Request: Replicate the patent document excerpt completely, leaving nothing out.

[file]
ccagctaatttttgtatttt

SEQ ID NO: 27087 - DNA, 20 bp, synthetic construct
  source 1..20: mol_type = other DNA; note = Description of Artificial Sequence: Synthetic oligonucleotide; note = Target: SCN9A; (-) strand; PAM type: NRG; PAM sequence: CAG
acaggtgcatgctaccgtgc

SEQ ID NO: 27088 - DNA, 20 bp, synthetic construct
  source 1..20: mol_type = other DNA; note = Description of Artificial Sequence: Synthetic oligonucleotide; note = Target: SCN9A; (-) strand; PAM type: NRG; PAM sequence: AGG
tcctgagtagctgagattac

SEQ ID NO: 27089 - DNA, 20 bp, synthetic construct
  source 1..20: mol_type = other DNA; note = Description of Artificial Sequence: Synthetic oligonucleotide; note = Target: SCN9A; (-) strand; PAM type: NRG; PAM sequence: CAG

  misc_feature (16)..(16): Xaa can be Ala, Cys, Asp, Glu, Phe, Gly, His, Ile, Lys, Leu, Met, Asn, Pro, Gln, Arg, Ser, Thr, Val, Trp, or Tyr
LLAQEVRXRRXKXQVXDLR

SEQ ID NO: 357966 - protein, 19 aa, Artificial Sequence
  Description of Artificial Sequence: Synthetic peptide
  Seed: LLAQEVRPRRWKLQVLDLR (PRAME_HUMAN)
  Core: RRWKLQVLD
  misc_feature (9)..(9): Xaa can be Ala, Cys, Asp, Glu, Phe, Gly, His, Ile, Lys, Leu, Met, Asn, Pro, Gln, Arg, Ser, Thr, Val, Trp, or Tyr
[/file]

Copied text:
ccagctaatttttgtatttt

SEQ ID NO: 27087 - DNA, 20 bp, synthetic construct
  source 1..20: mol_type = other DNA; note = Description of Artificial Sequence: Synthetic oligonucleotide; note = Target: SCN9A; (-) strand; PAM type: NRG; PAM sequence: CAG
acaggtgcatgctaccgtgc

SEQ ID NO: 27088 - DNA, 20 bp, synthetic construct
  source 1..20: mol_type = other DNA; note = Description of Artificial Sequence: Synthetic oligonucleotide; note = Target: SCN9A; (-) strand; PAM type: NRG; PAM sequence: AGG
tcctgagtagctgagattac

SEQ ID NO: 27089 - DNA, 20 bp, synthetic construct
  source 1..20: mol_type = other DNA; note = Description of Artificial Sequence: Synthetic oligonucleotide; note = Target: SCN9A; (-) strand; PAM type: NRG; PAM sequence: CAG

  misc_feature (16)..(16): Xaa can be Ala, Cys, Asp, Glu, Phe, Gly, His, Ile, Lys, Leu, Met, Asn, Pro, Gln, Arg, Ser, Thr, Val, Trp, or Tyr
LLAQEVRXRRXKXQVXDLR

SEQ ID NO: 357966 - protein, 19 aa, Artificial Sequence
  Description of Artificial Sequence: Synthetic peptide
  Seed: LLAQEVRPRRWKLQVLDLR (PRAME_HUMAN)
  Core: RRWKLQVLD
  misc_feature (9)..(9): Xaa can be Ala, Cys, Asp, Glu, Phe, Gly, His, Ile, Lys, Leu, Met, Asn, Pro, Gln, Arg, Ser, Thr, Val, Trp, or Tyr